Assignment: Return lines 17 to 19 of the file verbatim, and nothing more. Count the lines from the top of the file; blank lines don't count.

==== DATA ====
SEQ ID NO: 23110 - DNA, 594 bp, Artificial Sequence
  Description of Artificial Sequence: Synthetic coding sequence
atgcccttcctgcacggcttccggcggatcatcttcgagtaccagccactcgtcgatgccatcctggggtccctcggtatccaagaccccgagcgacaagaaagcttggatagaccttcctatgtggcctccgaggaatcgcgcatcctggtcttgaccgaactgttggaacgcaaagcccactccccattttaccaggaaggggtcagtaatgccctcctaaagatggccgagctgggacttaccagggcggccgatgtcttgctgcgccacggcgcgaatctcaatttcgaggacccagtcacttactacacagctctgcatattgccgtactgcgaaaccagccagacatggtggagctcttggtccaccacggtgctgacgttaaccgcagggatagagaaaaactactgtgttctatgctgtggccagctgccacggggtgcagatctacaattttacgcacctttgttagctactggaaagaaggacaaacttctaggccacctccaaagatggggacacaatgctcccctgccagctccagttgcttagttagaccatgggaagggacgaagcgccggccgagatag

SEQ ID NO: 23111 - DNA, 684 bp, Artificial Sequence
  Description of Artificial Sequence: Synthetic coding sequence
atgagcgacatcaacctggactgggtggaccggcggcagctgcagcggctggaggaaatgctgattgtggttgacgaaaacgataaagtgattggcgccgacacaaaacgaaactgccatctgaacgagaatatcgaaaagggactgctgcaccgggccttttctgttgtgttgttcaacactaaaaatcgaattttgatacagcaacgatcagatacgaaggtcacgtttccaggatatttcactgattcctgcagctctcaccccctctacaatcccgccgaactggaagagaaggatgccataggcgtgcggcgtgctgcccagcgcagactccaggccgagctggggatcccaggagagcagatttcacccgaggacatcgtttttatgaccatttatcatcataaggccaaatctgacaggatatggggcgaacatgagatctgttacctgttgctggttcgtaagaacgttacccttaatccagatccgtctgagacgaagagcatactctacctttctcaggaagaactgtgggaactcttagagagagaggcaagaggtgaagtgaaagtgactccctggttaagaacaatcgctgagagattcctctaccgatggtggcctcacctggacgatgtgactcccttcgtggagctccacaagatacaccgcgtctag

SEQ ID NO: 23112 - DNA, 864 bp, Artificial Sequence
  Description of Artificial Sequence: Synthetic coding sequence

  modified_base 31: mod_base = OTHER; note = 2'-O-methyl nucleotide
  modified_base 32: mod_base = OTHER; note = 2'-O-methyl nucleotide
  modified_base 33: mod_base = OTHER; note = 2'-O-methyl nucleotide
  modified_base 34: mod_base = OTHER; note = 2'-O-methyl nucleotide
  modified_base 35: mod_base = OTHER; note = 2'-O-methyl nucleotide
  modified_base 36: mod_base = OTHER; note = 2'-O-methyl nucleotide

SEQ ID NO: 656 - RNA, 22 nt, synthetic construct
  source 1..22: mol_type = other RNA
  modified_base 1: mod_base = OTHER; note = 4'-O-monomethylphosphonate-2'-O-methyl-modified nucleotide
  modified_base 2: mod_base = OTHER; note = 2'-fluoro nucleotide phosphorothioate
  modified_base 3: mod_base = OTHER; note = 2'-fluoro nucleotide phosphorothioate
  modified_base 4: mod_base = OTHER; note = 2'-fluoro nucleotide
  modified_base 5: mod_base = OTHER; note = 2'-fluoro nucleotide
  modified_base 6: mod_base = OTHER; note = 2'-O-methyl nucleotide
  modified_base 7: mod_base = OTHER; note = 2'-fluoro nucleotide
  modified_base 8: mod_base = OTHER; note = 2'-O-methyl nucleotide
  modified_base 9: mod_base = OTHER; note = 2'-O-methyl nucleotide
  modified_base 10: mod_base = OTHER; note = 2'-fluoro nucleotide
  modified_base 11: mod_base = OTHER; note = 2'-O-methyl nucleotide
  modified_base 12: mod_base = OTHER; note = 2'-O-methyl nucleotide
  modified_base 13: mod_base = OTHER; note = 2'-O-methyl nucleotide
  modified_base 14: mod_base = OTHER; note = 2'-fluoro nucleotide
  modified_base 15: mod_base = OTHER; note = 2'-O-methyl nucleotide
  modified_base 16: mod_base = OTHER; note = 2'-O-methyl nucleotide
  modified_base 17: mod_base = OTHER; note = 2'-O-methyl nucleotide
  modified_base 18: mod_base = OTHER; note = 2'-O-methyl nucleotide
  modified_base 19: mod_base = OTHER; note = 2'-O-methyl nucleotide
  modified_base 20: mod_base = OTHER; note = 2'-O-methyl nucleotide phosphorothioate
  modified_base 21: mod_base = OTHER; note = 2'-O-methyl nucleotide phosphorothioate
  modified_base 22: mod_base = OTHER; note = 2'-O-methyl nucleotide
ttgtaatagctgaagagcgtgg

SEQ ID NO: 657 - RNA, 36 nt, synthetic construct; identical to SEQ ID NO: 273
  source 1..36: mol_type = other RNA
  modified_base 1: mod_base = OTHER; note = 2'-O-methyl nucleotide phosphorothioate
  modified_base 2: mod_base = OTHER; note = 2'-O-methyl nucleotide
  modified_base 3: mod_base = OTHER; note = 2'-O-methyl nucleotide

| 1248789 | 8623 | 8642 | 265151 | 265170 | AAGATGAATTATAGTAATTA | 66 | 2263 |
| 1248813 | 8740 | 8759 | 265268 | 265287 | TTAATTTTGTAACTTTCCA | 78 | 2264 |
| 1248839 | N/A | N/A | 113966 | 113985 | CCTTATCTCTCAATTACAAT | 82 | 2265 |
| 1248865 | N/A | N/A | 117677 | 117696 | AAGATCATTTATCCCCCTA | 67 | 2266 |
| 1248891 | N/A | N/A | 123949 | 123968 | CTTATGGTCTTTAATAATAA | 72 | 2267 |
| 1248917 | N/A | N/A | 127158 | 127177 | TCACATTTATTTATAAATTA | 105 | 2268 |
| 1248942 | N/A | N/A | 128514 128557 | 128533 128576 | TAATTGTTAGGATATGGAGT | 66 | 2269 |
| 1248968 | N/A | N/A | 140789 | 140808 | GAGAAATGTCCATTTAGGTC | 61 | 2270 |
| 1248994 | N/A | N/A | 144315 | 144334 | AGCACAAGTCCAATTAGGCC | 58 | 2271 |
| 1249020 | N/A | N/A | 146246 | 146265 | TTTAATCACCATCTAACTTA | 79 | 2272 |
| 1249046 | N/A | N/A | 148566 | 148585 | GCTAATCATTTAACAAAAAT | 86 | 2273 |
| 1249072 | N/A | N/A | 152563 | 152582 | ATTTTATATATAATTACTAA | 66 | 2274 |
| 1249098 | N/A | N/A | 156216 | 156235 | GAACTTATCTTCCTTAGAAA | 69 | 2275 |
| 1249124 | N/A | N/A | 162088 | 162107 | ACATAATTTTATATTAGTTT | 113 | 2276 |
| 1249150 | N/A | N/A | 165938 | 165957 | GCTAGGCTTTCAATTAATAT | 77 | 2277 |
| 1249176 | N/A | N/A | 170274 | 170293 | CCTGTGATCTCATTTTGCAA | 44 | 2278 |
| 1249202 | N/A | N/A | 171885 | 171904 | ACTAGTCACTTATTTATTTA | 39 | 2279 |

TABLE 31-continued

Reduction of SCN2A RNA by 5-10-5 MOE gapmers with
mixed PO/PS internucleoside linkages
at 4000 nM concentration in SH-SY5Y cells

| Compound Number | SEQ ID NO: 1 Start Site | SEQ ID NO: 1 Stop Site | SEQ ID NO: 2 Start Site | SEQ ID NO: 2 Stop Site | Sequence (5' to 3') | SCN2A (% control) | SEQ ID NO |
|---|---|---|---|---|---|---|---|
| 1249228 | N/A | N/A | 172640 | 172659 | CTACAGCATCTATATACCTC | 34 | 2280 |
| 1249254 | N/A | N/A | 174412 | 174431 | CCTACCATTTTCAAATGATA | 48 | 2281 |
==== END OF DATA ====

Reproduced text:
  modified_base 1: mod_base = OTHER; note = 4'-O-monomethylphosphonate-2'-O-methyl-modified nucleotide
  modified_base 2: mod_base = OTHER; note = 2'-fluoro nucleotide phosphorothioate
  modified_base 3: mod_base = OTHER; note = 2'-fluoro nucleotide phosphorothioate